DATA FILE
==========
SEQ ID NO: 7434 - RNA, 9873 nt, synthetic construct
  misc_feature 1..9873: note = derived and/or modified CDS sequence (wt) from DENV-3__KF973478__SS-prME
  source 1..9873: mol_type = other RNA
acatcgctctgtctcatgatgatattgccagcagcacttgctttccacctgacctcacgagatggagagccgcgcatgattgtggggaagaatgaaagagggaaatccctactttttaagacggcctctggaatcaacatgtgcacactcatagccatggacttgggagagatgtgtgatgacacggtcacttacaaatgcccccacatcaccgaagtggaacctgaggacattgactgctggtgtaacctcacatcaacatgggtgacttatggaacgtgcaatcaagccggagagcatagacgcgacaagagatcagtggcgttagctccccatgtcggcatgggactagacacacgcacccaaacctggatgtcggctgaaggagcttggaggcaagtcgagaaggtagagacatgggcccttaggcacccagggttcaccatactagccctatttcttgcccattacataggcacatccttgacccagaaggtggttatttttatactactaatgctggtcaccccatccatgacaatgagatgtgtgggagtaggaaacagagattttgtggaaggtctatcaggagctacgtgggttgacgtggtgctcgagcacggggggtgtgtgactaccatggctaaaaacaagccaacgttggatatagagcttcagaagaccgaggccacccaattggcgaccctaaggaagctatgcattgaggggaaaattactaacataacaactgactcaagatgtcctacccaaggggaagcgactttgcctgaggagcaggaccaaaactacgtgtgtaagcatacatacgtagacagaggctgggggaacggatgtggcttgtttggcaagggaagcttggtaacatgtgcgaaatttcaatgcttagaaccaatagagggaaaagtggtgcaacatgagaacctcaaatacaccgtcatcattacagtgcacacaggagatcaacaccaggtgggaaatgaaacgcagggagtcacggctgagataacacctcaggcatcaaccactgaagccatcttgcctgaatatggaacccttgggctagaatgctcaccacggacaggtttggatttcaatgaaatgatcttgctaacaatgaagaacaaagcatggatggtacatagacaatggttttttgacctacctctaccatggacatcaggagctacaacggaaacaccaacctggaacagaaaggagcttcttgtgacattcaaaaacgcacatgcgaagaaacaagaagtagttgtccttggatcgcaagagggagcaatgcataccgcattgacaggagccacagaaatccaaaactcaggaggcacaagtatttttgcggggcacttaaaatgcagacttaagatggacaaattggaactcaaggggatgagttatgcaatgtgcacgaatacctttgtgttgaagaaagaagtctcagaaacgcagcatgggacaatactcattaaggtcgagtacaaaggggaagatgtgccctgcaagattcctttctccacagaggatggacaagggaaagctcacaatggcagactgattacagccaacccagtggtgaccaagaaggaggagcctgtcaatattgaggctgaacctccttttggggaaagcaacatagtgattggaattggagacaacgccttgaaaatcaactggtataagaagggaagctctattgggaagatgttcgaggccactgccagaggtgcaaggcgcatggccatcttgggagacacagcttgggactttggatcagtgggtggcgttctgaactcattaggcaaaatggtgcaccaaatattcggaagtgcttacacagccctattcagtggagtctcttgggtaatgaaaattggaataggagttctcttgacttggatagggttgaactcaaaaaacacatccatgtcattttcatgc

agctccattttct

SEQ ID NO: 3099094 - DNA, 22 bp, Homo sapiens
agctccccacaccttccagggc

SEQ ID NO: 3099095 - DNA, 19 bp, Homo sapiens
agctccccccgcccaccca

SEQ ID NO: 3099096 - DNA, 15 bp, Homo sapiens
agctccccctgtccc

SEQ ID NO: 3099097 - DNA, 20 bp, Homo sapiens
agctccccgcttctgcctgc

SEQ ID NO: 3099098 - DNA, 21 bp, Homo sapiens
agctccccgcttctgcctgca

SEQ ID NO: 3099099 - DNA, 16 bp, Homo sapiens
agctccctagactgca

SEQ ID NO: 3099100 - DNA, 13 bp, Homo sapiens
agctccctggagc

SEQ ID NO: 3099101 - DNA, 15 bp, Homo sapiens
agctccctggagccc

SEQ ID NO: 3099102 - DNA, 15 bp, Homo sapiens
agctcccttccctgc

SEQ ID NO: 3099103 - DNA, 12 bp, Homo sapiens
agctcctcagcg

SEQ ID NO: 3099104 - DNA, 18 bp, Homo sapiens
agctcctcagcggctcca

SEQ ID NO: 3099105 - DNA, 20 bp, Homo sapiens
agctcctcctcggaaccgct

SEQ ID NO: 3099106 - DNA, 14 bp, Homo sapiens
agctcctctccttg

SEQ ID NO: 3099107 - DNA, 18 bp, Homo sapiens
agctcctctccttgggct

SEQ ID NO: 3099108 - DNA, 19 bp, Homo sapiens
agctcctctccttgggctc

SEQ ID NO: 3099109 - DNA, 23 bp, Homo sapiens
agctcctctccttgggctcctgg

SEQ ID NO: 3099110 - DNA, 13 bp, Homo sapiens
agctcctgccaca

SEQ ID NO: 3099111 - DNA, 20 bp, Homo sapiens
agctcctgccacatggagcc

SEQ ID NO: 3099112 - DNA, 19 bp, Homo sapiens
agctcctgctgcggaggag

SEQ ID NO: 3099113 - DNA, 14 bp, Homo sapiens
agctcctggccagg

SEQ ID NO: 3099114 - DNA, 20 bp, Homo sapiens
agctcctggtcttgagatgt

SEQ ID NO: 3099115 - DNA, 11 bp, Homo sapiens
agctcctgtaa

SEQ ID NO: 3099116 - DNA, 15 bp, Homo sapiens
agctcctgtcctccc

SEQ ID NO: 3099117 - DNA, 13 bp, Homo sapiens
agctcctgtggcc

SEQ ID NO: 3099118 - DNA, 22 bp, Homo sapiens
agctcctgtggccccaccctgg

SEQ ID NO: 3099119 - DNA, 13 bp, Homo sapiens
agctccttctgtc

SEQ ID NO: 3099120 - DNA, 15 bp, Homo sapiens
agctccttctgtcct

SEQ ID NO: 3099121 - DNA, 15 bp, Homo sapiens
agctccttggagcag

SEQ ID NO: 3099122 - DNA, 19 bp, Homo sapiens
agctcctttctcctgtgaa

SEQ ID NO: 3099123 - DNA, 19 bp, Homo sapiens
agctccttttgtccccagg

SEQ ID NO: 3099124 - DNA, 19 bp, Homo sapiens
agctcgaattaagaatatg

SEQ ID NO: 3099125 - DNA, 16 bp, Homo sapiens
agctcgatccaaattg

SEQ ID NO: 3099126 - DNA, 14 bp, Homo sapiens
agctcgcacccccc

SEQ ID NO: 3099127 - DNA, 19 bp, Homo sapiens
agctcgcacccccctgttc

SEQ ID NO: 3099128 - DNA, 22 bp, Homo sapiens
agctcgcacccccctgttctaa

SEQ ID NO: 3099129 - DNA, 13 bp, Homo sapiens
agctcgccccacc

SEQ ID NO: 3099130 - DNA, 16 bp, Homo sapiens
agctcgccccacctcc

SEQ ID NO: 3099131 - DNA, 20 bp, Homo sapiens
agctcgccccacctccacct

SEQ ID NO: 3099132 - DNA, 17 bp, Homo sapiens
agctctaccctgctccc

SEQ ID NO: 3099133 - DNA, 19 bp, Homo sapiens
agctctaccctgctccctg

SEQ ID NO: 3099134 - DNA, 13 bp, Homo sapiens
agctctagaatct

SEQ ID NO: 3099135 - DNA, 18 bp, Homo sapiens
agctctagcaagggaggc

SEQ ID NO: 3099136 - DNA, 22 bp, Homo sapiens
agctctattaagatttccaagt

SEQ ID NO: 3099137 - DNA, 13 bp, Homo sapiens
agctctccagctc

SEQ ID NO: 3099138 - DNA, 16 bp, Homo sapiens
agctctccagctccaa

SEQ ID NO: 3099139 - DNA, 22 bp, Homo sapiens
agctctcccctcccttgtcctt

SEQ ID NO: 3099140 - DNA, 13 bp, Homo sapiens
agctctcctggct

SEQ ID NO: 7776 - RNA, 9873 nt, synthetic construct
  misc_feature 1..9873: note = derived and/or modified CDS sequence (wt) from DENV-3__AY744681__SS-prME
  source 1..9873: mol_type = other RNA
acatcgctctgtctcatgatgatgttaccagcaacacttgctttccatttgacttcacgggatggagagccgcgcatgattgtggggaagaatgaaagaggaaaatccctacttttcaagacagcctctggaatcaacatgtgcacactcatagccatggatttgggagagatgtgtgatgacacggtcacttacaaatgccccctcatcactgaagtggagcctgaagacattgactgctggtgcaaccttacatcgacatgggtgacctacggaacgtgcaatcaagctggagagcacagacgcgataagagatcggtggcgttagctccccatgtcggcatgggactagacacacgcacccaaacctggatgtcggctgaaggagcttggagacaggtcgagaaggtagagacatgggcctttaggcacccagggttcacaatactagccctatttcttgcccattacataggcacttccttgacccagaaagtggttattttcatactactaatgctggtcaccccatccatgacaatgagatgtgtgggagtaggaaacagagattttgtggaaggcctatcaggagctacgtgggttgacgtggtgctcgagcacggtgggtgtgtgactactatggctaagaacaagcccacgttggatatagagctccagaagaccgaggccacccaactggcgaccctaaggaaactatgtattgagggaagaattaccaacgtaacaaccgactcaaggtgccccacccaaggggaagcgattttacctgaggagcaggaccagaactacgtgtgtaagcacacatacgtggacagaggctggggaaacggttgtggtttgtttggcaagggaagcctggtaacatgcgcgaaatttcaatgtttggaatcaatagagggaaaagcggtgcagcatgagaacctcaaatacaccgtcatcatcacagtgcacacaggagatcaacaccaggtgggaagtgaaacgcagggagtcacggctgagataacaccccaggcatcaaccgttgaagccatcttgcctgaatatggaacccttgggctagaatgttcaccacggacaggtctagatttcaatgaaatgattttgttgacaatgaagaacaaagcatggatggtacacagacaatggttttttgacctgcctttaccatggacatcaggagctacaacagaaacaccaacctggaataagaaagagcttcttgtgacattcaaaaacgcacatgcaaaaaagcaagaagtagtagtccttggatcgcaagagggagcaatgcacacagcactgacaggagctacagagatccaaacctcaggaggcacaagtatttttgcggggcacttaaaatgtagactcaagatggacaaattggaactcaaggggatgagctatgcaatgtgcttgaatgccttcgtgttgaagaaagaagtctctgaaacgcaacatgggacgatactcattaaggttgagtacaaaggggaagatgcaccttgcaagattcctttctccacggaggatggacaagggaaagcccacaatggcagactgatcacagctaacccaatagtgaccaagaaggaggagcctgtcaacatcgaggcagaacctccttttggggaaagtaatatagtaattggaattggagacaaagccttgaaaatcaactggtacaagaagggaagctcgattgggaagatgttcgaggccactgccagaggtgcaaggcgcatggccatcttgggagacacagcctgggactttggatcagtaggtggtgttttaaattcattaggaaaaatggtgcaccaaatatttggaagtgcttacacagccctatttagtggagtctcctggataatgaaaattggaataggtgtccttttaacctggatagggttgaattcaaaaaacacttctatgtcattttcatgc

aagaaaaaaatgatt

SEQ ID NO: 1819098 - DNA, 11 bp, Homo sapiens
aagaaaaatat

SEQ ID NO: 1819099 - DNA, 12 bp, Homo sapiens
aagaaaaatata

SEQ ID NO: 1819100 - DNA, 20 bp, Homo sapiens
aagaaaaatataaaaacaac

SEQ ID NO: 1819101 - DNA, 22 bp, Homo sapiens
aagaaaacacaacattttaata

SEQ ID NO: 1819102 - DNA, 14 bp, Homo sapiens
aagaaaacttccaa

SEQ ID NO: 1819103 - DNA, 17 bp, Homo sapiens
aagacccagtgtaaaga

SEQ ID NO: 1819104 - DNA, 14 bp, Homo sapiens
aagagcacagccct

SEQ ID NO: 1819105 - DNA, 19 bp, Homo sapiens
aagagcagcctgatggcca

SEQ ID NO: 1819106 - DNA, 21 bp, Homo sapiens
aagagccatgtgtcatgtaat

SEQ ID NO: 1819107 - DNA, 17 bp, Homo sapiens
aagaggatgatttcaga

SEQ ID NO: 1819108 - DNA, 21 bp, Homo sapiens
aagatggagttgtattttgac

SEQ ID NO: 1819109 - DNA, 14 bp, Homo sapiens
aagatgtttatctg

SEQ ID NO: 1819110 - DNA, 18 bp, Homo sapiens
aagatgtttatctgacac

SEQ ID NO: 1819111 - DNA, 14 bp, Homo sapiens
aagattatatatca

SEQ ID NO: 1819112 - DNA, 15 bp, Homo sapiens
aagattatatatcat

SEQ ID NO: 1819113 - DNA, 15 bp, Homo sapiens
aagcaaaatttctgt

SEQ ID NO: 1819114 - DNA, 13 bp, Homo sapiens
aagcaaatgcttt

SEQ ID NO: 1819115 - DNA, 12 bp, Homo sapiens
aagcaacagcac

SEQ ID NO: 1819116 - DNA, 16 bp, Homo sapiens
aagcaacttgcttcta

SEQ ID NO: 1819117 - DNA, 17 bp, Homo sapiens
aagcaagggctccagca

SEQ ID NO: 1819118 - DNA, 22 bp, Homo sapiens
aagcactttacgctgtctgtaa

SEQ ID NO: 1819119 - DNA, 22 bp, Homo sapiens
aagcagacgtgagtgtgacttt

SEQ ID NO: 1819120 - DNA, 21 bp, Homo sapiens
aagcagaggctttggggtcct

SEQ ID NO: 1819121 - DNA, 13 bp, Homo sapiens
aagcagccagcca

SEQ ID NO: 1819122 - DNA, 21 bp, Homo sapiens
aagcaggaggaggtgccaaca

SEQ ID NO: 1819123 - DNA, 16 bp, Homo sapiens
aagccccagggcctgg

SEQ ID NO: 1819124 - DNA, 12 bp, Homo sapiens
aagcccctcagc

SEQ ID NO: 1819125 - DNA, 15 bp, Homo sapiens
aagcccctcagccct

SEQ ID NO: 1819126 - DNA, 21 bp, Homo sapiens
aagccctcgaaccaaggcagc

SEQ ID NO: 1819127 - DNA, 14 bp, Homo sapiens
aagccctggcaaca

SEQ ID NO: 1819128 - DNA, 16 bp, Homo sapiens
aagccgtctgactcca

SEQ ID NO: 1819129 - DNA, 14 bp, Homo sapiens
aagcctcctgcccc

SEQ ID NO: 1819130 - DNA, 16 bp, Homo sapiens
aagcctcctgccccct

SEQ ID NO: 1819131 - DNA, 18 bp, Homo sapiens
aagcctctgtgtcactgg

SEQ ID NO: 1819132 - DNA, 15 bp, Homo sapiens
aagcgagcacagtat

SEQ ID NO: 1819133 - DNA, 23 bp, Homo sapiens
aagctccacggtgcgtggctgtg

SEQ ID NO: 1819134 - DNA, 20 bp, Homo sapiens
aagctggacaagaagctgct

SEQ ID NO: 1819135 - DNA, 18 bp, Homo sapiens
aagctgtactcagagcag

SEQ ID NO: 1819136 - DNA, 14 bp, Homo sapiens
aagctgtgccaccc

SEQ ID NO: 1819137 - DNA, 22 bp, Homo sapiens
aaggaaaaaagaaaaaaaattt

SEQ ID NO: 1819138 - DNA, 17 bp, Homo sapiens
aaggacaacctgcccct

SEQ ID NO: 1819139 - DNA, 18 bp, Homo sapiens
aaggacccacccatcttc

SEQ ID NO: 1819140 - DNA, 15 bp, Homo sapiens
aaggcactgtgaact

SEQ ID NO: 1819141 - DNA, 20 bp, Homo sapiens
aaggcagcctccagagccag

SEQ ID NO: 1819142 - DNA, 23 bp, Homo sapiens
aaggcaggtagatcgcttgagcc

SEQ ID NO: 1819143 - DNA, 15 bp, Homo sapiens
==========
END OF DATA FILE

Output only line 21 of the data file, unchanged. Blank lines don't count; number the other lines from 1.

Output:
agctccctggagccc